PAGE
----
Thursday, February 12, 2009

The first lost "Lenore"

Years before he lost his Lenore in "The Raven," Poe used the name in a poem aptly titled "Lenore."

It was first titled "A Pæan" (a poem of praise, but often directed toward the dead) and its lines were spoken by a bereaved husband — with no mention of Lenore — in 1831. Poe, always re-writing and revising, went back to "A Pæan" and substantially changed it a dozen years later. And so, Poe's first usage of the name "Lenore" came to be, in the February 1843 issue of The Pioneer, a journal edited by James Russell Lowell.

The name itself is relatively meaningless (though some biographers, notably Kenneth Silverman, enjoy trying to find a connection to someone in Poe's life, including his brother William Henry Leonard Poe — which, let's be honest, is a big stretch). However, the name was based on Poe's staunch poetic logic: in order to evoke emotion, words need to use appropriate sounds. As I explained in an earlier blog post, Poe loves the inherent melancholy in a long, protracted "O" sound, and he seems to enjoy the "L" sound too — it pops up in "Lenore," "Annabel Lee," "Eulalie," "Ulalume"...

Former equivalent of the poet laureate Daniel Hoffman made an important comment about this poem, which I completely agree with: for a poet that emphasizes the logical composition of poetry so much, Poe really made it easy on himself when he named his character "Guy De Vere" in this poem. You might also notice another word, "Nevermore," that makes a triumphant return in "The Raven". Take a look. This is the 1843 version from The Pioneer:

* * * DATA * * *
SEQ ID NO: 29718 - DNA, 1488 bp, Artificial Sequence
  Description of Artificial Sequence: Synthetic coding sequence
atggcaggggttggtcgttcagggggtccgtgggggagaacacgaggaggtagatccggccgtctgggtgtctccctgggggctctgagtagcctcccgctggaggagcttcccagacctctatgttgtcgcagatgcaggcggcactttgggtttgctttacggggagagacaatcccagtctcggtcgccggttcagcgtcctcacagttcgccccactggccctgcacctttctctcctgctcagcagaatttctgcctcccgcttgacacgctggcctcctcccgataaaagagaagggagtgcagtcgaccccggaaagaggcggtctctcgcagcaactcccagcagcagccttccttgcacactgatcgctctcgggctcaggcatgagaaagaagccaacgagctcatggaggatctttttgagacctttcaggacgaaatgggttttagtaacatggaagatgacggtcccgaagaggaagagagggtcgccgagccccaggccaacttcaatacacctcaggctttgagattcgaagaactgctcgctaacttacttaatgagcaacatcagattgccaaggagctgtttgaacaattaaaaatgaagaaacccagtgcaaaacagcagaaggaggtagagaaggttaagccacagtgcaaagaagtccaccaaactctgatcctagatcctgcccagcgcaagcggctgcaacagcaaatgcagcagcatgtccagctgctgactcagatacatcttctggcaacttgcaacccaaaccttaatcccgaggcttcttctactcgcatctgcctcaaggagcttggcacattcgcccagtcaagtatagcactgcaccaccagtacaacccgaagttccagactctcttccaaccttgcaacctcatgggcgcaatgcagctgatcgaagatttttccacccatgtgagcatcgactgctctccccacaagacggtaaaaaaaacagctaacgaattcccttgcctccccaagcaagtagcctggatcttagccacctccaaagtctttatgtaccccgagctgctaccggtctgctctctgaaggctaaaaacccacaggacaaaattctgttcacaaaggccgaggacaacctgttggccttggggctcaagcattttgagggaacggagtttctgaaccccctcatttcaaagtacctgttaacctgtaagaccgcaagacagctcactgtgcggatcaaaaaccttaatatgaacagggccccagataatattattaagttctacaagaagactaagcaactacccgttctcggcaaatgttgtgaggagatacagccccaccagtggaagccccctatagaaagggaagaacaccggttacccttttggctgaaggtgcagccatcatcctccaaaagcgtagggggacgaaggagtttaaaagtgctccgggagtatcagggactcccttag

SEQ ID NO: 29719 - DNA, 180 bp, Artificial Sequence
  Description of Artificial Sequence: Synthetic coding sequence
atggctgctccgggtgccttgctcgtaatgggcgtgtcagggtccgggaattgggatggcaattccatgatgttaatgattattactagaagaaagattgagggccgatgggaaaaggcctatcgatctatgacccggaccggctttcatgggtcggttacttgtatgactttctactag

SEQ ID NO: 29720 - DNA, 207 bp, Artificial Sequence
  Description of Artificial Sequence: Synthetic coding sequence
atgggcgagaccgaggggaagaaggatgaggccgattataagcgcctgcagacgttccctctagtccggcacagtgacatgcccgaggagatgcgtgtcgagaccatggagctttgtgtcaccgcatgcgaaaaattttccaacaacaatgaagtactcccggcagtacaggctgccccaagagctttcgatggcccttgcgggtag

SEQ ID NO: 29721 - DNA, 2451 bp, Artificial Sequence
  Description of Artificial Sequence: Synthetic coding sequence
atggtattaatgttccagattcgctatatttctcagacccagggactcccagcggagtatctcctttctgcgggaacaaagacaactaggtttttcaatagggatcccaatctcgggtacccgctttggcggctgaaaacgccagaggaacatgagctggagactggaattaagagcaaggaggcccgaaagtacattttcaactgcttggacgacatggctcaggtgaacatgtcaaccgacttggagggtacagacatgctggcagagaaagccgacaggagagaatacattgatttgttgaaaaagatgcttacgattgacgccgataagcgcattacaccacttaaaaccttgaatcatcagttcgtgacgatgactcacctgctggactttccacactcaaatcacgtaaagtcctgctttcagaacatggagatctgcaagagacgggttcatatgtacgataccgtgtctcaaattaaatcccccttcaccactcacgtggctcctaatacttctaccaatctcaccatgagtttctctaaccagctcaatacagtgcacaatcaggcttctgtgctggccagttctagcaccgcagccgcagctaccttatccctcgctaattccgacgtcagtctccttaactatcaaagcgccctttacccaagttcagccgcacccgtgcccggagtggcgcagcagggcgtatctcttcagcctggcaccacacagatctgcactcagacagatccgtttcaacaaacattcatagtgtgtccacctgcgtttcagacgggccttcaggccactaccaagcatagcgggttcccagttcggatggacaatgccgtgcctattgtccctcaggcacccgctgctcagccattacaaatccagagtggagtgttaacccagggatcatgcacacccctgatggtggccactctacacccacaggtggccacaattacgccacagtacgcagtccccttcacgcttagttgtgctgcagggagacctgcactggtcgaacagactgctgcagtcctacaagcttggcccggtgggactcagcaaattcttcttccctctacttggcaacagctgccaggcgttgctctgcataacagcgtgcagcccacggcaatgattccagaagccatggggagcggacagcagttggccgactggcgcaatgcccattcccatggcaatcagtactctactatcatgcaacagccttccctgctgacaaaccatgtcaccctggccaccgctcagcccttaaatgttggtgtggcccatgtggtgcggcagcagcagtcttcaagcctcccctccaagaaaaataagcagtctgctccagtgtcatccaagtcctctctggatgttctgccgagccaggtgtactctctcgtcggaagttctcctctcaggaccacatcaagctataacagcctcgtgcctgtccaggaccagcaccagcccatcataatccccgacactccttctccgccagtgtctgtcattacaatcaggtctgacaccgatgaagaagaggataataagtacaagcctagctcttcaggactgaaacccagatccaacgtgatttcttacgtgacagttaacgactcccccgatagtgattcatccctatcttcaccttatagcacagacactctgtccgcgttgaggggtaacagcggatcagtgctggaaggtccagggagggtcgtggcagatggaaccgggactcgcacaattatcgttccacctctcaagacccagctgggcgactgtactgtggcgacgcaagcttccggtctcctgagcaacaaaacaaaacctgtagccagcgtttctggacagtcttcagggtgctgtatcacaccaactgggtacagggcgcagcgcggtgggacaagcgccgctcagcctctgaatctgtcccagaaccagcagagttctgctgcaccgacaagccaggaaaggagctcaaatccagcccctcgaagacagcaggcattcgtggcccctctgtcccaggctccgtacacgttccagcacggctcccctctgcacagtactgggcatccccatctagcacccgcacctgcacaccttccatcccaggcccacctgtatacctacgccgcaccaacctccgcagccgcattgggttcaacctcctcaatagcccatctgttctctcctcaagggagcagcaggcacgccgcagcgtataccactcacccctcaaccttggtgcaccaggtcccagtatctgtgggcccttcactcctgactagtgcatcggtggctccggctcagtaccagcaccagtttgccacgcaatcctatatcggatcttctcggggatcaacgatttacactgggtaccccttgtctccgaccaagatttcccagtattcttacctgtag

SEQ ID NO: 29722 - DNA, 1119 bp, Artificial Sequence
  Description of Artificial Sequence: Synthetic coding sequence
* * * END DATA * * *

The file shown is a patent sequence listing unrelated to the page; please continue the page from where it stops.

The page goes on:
AH, broken is the golden bowl!
The spirit flown forever!
Let the bell toll! — A saintly soul
Glides down the Stygian river!
And let the burial rite be read —
The funeral song be sung —
A dirge for the most lovely dead
That ever died so young!
And, Guy De Vere,
Hast thou no tear?
Weep now or nevermore!
See, on yon drear
And rigid bier,
Low lies thy love Lenore!

"Yon heir, whose cheeks of pallid hue
With tears are streaming wet,
Sees only, through
Their crocodile dew,
A vacant coronet —
False friends! ye loved her for her wealth
And hated her for her pride,
And, when she fell in feeble health,
Ye blessed her — that she died.
How shall the ritual, then, be read?
The requiem how be sung
For her most wrong'd of all the dead
That ever died so young?"

Peccavimus!
But rave not thus!
And let the solemn song
Go up to God so mournfully that she may feel no wrong!
The sweet Lenore
Hath "gone before"
With young hope at her side,
And thou art wild
For the dear child
That should have been thy bride —
For her, the fair
And debonair,
That now so lowly lies —
The life still there
Upon her hair,
The death upon her eyes.

"Avaunt! — to-night
My heart is light —
No dirge will I upraise,
But waft the angel on her flight
With a Pæan of old days!
Let no bell toll!
Lest her sweet soul,
Amid its hallow'd mirth,
Should catch the note
As it doth float
Up from the damned earth —
To friends above, from fiends below, th' indignant ghost is riven —
From grief and moan
To a gold throne
Beside the King of Heaven?"

3 comments:

brianjayjones.com said...

I heard he wanted to use the name "Paul Revere" instead of "Guy de Vere," but Longfellow threatened to sue the pants off of him.

(Seriously, great post, Rob!)

Gina said...

I never liked the name "Lenore" -- but I have to say it beats the heck out of "Eulalie." :-)

Rob Velella said...

Yeah, "Eulalie" is a bit of a stretch... that poem is not on my short list of favorites.

Yes, Longfellow actually trademarked any instance where the name Paul Revere rhymes. He was a good business man!